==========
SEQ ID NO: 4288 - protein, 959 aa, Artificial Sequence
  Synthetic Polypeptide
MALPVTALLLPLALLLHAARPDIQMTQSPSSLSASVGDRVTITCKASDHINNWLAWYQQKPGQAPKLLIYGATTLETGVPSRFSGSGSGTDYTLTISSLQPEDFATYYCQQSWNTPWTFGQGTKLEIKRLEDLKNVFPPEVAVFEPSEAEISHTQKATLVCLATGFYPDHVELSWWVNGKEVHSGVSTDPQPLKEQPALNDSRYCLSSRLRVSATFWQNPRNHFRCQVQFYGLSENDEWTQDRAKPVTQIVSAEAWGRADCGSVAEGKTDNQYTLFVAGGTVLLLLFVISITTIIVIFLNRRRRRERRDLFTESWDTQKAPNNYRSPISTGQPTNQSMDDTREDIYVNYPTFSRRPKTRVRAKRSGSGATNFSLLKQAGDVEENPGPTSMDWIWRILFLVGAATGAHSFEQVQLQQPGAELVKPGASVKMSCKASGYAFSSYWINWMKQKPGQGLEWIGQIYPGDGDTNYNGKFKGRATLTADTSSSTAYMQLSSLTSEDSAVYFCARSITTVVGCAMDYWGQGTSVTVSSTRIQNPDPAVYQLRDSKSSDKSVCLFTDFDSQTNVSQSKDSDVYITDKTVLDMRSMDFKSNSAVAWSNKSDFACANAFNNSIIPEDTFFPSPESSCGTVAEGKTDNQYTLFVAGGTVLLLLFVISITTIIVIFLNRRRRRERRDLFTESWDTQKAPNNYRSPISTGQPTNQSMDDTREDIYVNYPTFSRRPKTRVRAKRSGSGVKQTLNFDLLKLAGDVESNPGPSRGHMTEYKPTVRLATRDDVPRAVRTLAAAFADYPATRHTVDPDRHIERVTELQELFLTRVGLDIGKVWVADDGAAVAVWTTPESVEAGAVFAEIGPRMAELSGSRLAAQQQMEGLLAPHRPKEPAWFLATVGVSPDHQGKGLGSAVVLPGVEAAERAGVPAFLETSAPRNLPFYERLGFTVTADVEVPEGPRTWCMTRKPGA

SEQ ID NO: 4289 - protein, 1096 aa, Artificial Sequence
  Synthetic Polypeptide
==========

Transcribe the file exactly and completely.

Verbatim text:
SEQ ID NO: 4288 - protein, 959 aa, Artificial Sequence
  Synthetic Polypeptide
MALPVTALLLPLALLLHAARPDIQMTQSPSSLSASVGDRVTITCKASDHINNWLAWYQQKPGQAPKLLIYGATTLETGVPSRFSGSGSGTDYTLTISSLQPEDFATYYCQQSWNTPWTFGQGTKLEIKRLEDLKNVFPPEVAVFEPSEAEISHTQKATLVCLATGFYPDHVELSWWVNGKEVHSGVSTDPQPLKEQPALNDSRYCLSSRLRVSATFWQNPRNHFRCQVQFYGLSENDEWTQDRAKPVTQIVSAEAWGRADCGSVAEGKTDNQYTLFVAGGTVLLLLFVISITTIIVIFLNRRRRRERRDLFTESWDTQKAPNNYRSPISTGQPTNQSMDDTREDIYVNYPTFSRRPKTRVRAKRSGSGATNFSLLKQAGDVEENPGPTSMDWIWRILFLVGAATGAHSFEQVQLQQPGAELVKPGASVKMSCKASGYAFSSYWINWMKQKPGQGLEWIGQIYPGDGDTNYNGKFKGRATLTADTSSSTAYMQLSSLTSEDSAVYFCARSITTVVGCAMDYWGQGTSVTVSSTRIQNPDPAVYQLRDSKSSDKSVCLFTDFDSQTNVSQSKDSDVYITDKTVLDMRSMDFKSNSAVAWSNKSDFACANAFNNSIIPEDTFFPSPESSCGTVAEGKTDNQYTLFVAGGTVLLLLFVISITTIIVIFLNRRRRRERRDLFTESWDTQKAPNNYRSPISTGQPTNQSMDDTREDIYVNYPTFSRRPKTRVRAKRSGSGVKQTLNFDLLKLAGDVESNPGPSRGHMTEYKPTVRLATRDDVPRAVRTLAAAFADYPATRHTVDPDRHIERVTELQELFLTRVGLDIGKVWVADDGAAVAVWTTPESVEAGAVFAEIGPRMAELSGSRLAAQQQMEGLLAPHRPKEPAWFLATVGVSPDHQGKGLGSAVVLPGVEAAERAGVPAFLETSAPRNLPFYERLGFTVTADVEVPEGPRTWCMTRKPGA

SEQ ID NO: 4289 - protein, 1096 aa, Artificial Sequence
  Synthetic Polypeptide